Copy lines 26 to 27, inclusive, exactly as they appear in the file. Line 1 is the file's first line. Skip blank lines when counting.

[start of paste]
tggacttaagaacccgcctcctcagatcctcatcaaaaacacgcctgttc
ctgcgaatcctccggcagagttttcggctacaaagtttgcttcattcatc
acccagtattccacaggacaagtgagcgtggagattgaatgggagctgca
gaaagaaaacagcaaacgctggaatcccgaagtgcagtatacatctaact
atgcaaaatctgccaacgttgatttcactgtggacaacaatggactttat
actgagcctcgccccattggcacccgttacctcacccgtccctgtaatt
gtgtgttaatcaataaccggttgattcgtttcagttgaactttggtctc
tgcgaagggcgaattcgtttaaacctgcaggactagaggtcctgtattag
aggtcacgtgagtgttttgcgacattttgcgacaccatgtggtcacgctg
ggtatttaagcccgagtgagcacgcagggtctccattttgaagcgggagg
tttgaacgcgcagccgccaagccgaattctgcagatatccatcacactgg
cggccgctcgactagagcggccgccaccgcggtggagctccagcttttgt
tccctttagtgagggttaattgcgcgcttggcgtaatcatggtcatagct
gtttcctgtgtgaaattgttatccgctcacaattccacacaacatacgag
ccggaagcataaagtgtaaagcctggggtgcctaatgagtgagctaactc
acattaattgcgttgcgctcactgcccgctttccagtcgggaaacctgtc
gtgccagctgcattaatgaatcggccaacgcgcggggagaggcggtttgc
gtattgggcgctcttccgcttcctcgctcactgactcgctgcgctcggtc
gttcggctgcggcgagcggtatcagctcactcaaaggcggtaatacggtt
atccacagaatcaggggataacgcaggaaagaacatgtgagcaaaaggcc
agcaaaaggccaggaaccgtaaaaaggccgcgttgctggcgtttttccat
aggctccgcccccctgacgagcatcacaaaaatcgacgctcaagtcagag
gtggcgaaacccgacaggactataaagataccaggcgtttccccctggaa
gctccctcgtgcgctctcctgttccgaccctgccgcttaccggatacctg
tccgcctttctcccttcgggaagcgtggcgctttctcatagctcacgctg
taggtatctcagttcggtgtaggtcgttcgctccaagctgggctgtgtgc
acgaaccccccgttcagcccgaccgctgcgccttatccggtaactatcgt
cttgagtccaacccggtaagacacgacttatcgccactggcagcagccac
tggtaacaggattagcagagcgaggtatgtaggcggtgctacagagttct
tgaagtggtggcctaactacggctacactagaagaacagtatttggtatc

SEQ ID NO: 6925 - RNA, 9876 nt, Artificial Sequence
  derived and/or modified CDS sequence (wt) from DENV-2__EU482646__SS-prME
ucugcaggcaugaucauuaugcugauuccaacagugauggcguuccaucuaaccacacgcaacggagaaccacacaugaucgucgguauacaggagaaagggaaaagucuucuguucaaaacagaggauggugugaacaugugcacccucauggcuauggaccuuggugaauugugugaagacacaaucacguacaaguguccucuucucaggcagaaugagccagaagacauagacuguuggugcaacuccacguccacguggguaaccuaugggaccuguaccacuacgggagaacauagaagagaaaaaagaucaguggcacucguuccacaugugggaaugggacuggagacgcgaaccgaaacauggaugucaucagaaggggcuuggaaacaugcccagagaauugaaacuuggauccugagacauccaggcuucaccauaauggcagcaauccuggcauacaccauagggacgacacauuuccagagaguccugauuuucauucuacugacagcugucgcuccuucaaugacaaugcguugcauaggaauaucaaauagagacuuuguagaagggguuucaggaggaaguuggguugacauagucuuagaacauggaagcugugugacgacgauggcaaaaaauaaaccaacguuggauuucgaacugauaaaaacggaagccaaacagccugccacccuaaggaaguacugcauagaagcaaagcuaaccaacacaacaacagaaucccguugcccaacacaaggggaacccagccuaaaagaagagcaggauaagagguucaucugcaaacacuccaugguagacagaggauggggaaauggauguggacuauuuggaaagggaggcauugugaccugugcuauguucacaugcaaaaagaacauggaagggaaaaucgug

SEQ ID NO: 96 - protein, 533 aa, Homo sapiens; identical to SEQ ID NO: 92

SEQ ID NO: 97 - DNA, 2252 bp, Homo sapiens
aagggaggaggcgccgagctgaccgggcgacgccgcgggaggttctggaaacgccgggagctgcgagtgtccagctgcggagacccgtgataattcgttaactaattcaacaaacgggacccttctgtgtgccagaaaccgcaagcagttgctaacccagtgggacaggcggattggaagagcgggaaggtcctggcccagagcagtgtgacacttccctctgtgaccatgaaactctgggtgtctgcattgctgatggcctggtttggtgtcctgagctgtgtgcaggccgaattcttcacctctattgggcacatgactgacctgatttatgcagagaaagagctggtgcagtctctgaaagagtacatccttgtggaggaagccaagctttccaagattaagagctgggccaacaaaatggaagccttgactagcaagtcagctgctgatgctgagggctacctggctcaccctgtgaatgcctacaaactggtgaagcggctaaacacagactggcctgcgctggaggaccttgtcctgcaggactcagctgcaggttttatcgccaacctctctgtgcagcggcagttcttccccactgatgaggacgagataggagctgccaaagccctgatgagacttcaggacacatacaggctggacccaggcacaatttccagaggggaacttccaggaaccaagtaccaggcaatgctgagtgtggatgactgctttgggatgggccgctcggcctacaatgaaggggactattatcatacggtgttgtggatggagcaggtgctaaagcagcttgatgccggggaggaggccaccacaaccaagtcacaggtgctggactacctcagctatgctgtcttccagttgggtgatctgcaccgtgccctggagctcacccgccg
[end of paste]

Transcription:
taggtatctcagttcggtgtaggtcgttcgctccaagctgggctgtgtgc
acgaaccccccgttcagcccgaccgctgcgccttatccggtaactatcgt